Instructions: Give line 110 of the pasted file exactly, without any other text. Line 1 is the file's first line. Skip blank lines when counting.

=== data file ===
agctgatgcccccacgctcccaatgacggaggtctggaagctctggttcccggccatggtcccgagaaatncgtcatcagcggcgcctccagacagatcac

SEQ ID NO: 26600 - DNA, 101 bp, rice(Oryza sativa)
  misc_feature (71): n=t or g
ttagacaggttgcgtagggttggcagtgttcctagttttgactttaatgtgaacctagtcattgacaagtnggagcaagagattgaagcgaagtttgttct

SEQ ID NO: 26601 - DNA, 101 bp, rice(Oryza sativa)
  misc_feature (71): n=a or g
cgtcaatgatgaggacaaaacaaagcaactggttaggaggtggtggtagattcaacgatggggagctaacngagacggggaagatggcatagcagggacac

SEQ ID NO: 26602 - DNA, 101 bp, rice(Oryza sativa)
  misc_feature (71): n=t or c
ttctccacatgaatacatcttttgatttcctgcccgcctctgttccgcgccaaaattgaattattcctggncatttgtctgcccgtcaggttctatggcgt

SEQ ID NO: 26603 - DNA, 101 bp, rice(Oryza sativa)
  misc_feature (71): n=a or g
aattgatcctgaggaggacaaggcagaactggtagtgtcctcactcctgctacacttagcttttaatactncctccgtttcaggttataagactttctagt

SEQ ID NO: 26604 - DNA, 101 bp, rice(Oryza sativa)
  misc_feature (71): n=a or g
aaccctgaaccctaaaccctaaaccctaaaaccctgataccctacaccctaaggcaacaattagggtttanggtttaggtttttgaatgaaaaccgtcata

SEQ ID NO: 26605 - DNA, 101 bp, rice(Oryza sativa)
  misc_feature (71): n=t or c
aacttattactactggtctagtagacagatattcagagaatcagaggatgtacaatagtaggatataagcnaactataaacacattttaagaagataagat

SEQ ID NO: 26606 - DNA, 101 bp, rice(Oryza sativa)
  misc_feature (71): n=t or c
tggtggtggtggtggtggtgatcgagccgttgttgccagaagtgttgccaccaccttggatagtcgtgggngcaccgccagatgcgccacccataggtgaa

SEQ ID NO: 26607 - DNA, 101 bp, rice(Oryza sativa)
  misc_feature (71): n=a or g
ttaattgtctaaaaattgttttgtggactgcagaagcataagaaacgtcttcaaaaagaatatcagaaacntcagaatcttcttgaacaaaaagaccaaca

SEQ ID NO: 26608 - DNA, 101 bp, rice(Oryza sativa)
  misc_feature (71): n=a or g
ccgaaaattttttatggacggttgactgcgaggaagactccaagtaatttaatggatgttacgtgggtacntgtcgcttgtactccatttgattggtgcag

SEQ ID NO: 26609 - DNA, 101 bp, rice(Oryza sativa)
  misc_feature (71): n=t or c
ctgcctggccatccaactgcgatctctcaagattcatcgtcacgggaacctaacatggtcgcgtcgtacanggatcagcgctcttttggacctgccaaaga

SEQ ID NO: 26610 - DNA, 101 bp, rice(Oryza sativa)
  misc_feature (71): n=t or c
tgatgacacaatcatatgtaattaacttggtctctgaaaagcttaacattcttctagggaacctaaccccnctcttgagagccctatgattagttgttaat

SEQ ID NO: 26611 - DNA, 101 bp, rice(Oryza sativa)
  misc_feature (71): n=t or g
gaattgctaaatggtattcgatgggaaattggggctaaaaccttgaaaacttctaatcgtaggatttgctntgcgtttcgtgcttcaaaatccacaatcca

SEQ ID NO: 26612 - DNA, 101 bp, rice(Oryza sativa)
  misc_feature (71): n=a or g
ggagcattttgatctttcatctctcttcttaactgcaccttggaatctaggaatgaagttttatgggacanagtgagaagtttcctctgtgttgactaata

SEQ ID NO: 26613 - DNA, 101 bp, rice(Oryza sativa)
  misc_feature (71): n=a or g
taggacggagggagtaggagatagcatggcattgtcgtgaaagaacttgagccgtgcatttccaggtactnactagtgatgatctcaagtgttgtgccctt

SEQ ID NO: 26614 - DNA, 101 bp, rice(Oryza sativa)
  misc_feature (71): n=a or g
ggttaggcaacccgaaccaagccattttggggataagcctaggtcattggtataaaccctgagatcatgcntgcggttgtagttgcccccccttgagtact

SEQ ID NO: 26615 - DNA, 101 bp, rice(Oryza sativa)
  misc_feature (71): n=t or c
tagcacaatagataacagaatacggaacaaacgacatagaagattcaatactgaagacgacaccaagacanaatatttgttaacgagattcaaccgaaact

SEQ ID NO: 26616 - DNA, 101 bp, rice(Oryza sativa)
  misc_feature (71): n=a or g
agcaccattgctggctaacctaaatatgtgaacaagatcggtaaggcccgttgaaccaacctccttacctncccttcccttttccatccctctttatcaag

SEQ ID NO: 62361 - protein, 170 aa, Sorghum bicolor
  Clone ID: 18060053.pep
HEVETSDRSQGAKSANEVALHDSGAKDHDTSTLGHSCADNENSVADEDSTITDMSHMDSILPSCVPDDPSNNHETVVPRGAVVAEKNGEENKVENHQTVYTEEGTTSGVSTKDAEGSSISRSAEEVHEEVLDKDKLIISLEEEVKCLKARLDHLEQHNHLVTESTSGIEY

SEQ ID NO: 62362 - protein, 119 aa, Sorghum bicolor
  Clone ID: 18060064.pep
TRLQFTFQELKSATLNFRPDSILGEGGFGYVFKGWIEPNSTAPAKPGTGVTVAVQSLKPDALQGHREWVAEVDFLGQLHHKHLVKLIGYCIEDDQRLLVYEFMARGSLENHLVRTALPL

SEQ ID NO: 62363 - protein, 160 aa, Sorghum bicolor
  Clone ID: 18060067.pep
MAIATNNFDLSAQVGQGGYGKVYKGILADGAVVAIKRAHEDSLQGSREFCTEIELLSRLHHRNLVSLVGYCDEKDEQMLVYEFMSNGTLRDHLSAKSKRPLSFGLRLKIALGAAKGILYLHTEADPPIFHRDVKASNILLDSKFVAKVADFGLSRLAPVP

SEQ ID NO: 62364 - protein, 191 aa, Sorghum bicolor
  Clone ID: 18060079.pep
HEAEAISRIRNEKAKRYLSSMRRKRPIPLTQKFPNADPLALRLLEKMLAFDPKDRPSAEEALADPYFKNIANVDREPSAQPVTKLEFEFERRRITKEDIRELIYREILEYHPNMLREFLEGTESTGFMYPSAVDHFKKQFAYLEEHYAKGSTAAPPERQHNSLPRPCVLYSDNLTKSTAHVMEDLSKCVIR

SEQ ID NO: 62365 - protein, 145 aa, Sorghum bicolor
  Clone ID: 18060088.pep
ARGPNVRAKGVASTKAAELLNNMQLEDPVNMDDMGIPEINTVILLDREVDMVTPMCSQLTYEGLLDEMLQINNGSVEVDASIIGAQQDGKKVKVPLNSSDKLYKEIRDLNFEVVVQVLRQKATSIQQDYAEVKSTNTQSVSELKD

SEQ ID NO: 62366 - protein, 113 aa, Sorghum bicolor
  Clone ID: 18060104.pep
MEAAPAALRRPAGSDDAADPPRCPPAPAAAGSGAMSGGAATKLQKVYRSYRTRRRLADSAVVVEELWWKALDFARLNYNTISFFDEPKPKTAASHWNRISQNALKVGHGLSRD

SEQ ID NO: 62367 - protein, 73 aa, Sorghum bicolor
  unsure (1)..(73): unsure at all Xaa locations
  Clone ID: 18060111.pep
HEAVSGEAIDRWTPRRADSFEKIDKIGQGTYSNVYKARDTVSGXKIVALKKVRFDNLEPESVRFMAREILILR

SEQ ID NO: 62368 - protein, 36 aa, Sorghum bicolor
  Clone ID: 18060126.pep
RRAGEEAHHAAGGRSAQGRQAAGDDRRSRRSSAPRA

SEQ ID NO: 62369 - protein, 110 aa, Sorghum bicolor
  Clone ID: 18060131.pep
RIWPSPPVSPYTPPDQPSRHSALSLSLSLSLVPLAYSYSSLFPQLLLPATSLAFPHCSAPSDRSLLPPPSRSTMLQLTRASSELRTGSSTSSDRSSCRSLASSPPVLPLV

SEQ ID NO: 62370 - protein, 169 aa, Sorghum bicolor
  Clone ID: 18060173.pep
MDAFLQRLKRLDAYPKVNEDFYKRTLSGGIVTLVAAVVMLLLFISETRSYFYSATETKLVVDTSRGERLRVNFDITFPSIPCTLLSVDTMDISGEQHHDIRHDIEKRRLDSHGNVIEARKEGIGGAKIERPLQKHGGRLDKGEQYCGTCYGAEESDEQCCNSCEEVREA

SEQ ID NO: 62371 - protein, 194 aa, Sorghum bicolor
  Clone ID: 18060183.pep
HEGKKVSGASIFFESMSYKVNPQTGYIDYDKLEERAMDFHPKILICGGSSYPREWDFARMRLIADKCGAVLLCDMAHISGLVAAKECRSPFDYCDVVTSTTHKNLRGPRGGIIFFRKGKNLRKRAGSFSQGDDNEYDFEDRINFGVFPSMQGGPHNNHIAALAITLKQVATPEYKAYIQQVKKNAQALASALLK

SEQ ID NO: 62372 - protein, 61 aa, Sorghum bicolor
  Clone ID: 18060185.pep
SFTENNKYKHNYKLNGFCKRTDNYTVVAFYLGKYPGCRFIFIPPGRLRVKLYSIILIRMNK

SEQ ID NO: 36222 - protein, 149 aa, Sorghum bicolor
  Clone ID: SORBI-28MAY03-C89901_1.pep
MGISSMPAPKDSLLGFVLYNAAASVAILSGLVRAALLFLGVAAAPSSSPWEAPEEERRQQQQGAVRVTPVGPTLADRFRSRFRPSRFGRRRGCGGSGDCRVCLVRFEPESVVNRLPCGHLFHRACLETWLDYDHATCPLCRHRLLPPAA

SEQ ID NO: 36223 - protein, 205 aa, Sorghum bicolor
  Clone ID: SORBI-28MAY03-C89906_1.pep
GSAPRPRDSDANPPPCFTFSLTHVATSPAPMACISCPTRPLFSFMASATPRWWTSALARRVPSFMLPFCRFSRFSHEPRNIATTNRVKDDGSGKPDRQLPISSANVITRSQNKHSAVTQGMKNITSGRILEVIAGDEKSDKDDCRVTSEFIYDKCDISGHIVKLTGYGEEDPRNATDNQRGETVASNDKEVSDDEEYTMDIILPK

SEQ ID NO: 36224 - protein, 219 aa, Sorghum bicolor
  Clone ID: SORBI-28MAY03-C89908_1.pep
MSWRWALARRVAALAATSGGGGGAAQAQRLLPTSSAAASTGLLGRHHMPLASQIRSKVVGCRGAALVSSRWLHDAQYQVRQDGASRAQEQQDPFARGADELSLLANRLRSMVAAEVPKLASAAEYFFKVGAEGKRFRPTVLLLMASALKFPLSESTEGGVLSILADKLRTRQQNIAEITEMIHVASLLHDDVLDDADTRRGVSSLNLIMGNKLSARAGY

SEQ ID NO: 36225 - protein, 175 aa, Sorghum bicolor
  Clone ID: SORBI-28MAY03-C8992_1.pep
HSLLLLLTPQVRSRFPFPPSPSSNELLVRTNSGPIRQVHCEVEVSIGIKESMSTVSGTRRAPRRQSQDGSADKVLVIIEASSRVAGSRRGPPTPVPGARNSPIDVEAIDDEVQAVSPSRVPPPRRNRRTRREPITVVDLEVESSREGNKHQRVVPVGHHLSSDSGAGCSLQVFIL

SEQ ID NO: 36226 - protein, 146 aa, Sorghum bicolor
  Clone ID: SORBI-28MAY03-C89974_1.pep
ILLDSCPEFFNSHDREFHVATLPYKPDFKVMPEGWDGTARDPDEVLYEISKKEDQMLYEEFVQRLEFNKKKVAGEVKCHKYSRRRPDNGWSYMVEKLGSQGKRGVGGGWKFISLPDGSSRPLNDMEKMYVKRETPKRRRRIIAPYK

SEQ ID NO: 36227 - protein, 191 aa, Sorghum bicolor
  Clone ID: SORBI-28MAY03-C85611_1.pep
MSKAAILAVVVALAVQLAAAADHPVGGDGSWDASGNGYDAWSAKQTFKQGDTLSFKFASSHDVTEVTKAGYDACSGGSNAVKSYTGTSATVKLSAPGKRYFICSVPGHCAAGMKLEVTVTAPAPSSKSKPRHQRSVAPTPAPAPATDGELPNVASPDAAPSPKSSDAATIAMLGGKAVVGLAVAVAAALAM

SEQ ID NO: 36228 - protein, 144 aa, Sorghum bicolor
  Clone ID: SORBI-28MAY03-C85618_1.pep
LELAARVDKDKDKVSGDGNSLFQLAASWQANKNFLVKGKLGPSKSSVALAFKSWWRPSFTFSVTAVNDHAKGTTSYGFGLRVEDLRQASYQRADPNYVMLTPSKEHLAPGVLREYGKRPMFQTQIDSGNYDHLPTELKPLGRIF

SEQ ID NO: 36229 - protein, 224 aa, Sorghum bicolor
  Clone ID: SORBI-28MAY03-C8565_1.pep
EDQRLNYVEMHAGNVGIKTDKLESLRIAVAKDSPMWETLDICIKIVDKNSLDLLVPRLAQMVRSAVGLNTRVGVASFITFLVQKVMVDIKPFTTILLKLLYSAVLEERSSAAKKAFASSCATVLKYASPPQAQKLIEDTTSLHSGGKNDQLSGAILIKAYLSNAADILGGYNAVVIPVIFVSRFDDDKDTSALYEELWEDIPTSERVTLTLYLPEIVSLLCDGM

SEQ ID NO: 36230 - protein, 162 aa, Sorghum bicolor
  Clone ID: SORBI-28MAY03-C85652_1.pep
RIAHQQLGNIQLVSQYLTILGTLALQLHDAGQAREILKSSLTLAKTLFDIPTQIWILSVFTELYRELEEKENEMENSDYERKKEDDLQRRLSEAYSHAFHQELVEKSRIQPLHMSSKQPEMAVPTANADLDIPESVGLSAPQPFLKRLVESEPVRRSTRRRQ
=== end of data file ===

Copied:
LELAARVDKDKDKVSGDGNSLFQLAASWQANKNFLVKGKLGPSKSSVALAFKSWWRPSFTFSVTAVNDHAKGTTSYGFGLRVEDLRQASYQRADPNYVMLTPSKEHLAPGVLREYGKRPMFQTQIDSGNYDHLPTELKPLGRIF